Mr. Morrissey concludes, "Dr. Carson seems like a fine man and a good speaker. But before we start anointing people as leaders of the conservative movement, maybe we should make sure that they want to lead in that direction, and that they have an interest in rolling up their sleeves and doing the heavy lifting necessary."

BUMPER PATROL

"One Nation, under Surveillance."

Bumper sticker spotted in Warrenton, Va.

LOVING THE FREE MARKET

Still seeking a practical approach, FreedomWorks has just launched the "New Fair Deal," meant to attract lawmakers interested in ending corporate handouts, crafting a flatter tax code, passing real spending reform — all the things that grass-roots fiscal conservatives adore, in other words.

Eight Republicans have already signed on to hammer out some legislation: Reps. Jeff Duncan and Mick Mulvaney of South Carolina, Jim Jordan of Ohio, Doug Lamborn of Colorado, Tom McClintock of California, Mike Pompeo of Kansas, Tom Price of Georgia, and Reid J. Ribble of Wisconsin.

"We aren't the 53 percent, or the 99 percent or the 47 percent. We are all Americans, and we should be competing on a transparent and equal playing field," proclaims Matt Kibbe, president of the group. "It shouldn't matter who recruits the best-connected lobbyists in Washington. Corporations should play by the rules of the free market like everybody else, rather than trying to rewrite them."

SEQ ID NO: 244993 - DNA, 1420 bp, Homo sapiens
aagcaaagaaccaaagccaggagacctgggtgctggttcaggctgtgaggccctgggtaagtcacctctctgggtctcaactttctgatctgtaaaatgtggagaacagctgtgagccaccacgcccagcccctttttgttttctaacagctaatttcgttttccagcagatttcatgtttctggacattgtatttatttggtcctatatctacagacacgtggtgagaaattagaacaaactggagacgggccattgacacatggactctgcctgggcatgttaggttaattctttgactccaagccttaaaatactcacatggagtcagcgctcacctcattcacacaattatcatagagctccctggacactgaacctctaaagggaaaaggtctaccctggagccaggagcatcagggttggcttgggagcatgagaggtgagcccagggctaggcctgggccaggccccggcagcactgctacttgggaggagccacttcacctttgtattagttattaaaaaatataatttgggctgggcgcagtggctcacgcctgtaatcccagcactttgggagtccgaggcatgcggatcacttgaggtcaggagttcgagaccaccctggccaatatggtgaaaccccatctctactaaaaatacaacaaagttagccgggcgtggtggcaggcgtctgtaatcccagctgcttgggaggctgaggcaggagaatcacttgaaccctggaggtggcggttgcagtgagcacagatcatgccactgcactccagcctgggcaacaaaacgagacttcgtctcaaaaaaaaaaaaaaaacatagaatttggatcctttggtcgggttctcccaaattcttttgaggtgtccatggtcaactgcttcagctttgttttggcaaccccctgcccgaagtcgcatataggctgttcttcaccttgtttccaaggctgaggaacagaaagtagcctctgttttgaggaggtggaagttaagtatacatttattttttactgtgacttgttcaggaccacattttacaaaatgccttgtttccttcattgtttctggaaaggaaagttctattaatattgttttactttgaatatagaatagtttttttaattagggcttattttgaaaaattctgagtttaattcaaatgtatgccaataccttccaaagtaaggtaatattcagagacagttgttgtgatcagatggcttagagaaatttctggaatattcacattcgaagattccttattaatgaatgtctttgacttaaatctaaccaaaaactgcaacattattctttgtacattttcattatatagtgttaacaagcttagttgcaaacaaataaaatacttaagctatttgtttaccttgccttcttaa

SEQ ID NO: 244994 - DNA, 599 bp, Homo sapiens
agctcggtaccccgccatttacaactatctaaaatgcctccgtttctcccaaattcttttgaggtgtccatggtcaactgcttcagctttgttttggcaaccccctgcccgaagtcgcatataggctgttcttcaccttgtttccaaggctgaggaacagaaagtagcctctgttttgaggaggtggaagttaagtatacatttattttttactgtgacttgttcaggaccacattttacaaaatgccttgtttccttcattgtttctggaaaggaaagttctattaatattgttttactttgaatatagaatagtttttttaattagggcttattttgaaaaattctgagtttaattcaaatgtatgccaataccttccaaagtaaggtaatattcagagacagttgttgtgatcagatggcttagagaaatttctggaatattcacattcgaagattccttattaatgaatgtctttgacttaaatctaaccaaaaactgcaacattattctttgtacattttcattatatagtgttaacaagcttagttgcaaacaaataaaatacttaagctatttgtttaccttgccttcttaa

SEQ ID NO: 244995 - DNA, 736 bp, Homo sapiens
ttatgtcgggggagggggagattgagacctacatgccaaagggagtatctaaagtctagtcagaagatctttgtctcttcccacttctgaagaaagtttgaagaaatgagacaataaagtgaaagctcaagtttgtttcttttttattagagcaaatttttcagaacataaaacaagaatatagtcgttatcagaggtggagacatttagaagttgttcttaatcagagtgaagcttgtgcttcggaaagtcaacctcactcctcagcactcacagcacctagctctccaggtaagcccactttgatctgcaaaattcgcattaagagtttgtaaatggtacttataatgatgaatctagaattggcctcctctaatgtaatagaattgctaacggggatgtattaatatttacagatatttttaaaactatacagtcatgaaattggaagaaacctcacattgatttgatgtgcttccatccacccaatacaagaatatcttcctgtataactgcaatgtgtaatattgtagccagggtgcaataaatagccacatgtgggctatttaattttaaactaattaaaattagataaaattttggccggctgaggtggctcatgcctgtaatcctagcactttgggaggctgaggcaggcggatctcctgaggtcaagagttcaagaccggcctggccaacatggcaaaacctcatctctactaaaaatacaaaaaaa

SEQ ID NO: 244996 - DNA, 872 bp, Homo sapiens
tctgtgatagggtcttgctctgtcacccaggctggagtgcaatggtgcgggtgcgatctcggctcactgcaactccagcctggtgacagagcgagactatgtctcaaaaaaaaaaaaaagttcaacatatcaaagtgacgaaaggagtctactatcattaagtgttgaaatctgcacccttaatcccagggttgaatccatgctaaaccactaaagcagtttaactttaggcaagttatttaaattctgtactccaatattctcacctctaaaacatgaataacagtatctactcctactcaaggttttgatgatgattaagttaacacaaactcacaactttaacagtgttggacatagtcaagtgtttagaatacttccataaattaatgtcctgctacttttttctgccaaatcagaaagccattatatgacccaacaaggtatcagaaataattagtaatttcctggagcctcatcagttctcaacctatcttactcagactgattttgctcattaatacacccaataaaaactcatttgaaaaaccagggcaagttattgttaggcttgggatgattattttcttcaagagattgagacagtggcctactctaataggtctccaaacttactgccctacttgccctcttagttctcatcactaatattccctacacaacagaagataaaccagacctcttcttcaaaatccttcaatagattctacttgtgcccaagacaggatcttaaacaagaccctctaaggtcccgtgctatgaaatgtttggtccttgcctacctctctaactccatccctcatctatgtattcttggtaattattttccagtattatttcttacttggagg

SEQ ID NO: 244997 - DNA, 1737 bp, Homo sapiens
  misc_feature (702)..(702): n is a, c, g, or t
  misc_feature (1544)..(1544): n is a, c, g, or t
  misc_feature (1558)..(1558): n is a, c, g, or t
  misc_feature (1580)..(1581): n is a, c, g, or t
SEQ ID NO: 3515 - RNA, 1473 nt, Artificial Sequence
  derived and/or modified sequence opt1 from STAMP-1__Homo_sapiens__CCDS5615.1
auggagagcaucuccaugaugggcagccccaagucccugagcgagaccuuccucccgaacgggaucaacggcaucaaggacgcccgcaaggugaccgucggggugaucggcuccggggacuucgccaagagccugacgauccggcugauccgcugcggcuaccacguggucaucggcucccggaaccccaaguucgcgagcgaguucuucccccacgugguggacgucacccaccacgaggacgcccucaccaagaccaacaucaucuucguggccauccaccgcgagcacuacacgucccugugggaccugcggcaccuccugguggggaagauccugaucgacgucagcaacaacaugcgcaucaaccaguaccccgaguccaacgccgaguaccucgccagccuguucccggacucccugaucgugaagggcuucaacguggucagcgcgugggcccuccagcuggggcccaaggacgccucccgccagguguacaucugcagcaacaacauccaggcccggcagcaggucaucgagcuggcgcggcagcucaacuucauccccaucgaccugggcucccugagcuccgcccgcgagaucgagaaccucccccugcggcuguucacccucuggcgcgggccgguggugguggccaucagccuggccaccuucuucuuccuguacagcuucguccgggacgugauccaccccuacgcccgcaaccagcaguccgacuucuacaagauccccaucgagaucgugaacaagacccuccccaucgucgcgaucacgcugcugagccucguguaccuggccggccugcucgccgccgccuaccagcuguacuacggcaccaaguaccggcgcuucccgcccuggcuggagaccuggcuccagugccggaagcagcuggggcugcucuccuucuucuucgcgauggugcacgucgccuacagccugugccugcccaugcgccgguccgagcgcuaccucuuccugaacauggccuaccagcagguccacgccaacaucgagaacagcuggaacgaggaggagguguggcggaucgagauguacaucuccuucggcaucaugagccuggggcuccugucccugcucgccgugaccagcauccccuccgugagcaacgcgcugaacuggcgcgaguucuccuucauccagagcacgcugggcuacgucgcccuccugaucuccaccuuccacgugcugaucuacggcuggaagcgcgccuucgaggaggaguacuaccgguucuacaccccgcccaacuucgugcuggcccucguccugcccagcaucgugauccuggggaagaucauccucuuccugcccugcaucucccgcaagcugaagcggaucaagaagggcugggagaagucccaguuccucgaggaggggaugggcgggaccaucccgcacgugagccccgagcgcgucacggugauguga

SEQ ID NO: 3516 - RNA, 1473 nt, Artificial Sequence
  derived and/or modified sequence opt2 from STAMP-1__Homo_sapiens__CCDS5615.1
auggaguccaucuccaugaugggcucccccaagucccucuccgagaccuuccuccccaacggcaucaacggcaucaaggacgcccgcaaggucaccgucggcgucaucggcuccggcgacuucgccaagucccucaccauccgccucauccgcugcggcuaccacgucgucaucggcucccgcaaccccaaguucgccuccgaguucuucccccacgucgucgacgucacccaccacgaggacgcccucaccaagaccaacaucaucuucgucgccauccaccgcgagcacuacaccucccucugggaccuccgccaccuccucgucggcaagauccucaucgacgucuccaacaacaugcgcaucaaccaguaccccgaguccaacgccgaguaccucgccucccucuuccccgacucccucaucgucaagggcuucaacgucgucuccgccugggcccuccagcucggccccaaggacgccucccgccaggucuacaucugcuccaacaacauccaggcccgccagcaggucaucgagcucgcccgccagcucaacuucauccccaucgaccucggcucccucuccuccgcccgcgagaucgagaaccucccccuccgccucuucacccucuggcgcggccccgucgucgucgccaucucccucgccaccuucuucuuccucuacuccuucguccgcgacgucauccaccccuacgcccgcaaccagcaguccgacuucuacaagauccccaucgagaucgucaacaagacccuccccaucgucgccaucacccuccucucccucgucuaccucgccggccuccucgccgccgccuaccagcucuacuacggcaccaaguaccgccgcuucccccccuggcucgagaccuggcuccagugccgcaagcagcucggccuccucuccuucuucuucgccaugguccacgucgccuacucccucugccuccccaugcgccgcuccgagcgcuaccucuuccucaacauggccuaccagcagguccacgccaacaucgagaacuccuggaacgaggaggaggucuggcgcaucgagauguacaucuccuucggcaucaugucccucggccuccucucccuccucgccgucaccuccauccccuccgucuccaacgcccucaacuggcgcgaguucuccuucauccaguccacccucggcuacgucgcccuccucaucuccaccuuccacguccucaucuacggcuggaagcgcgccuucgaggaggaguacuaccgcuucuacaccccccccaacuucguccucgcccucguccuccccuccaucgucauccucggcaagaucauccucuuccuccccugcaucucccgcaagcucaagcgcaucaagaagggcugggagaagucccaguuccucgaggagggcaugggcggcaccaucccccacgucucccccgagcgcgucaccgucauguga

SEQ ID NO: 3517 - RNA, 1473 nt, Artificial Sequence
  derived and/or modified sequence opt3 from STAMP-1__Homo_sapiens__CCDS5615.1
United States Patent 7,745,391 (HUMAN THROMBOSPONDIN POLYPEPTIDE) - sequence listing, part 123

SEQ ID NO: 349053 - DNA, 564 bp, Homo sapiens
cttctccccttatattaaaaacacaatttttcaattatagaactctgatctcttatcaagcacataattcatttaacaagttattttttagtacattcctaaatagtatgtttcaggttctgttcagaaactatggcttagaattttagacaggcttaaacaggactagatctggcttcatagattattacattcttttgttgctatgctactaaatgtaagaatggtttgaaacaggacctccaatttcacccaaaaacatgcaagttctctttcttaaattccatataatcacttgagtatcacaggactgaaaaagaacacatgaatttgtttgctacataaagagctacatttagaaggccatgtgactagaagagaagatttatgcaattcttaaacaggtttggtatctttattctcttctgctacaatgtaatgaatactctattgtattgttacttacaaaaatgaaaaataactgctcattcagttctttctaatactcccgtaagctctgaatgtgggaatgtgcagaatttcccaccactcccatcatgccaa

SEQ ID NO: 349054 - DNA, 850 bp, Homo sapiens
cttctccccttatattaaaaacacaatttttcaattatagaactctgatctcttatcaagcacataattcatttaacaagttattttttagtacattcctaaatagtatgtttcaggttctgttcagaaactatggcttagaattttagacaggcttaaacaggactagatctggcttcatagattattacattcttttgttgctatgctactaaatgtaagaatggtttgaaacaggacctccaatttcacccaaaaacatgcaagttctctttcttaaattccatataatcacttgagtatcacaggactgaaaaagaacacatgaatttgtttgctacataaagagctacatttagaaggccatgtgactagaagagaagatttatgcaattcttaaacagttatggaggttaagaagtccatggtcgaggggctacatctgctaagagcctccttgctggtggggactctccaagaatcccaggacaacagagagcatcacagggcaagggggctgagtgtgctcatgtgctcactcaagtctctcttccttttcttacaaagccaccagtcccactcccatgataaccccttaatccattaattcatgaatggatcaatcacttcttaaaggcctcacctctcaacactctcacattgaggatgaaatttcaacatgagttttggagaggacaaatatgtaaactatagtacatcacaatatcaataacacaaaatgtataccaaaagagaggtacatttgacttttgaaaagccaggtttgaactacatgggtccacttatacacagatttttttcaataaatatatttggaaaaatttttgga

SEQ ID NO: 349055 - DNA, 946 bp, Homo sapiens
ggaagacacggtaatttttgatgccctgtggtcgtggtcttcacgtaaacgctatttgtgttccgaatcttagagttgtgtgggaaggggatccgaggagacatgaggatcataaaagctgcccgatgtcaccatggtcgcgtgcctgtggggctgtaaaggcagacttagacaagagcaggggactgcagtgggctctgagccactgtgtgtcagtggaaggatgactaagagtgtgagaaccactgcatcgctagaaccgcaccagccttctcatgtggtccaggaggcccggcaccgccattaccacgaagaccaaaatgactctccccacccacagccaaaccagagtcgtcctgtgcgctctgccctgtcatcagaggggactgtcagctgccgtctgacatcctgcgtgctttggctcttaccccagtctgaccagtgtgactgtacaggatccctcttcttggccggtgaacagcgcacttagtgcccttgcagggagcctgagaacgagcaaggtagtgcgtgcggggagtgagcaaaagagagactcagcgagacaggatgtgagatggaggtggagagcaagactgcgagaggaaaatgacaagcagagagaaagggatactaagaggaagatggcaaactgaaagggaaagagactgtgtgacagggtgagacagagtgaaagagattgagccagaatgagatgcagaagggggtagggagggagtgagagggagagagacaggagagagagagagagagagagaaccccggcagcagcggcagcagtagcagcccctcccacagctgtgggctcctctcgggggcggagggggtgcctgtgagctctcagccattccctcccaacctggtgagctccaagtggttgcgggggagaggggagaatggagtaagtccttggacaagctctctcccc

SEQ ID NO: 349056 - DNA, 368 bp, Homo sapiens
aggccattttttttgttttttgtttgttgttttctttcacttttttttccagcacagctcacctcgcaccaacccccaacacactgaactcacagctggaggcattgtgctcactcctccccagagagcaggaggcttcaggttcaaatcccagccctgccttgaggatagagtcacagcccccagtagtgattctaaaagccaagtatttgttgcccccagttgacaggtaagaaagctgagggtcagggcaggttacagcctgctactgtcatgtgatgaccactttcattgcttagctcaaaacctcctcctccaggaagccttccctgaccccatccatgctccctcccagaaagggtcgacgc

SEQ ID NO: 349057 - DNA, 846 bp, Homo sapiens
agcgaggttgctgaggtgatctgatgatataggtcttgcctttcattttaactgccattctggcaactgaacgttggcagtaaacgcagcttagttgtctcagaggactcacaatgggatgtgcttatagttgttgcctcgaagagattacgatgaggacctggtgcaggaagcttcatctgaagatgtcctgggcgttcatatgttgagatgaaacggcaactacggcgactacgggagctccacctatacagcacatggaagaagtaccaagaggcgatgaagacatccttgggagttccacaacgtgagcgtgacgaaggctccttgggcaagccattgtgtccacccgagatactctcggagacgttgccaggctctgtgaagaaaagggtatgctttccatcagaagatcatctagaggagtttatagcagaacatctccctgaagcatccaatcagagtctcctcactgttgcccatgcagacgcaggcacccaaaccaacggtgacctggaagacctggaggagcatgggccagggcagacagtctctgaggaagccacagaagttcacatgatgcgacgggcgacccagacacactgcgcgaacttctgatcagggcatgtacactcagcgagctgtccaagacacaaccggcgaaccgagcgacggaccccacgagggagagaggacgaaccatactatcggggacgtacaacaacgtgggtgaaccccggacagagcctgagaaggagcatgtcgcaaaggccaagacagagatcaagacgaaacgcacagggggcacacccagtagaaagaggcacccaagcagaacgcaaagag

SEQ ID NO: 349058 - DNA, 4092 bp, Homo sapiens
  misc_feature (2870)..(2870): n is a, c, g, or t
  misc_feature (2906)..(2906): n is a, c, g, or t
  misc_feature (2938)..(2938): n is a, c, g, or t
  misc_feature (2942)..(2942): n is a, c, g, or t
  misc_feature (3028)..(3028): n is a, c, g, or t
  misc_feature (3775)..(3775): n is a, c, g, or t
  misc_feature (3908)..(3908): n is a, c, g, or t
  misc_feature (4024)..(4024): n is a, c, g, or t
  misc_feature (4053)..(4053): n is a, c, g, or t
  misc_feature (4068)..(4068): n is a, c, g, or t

ATLAS SHRUGS, AGAIN

The tenacious producers of "Atlas Shrugged: Part I" and "AS: Part II" are going for the third and final installment in their project, based on the blockbuster novel by Ayn Rand. "Atlas Shrugged: Part III" will be released just prior to the 2014 midterm elections, geared to fiscal conservatives, libertarians and anyone else alarmed by the intrusion of government regulation and high taxes on the U.S. economy."The message of 'Atlas Shrugged' is far greater than any particular political movement and our intention is to convey that message as clearly as possible," producer Harmon Kaslow tells The Hollywood Reporter."We are ultimately confident that we're going to have absolutely no direct impact on the looters already entrenched in Washington. We are, however, equally as confident that if we let 'Atlas' speak for itself, we can have an impact on the voters that put them there."

POLL DU JOUR

47 percent of Americans say gun control laws should be "more strict"; 29 percent of Republicans, 66 percent of Democrats, 43 percent of independents and 28 percent of gun owners agree.39 percent overall say the laws should be "kept as they are"; 52 percent of Republicans, 30 percent of Democrats, 39 percent of independents and 50 percent of gun owners agree.11 percent overall say the gun laws should be "less strict"; 16 percent of Republicans, 2 percent of Democrats, 15 percent of independents and 19 percent of gun owners agree.

Source: A CBS News poll of 1,181 U.S. adults conducted March 20 to 24.

Murmurs and asides, a few shouts to jharper@washingtontimes.com.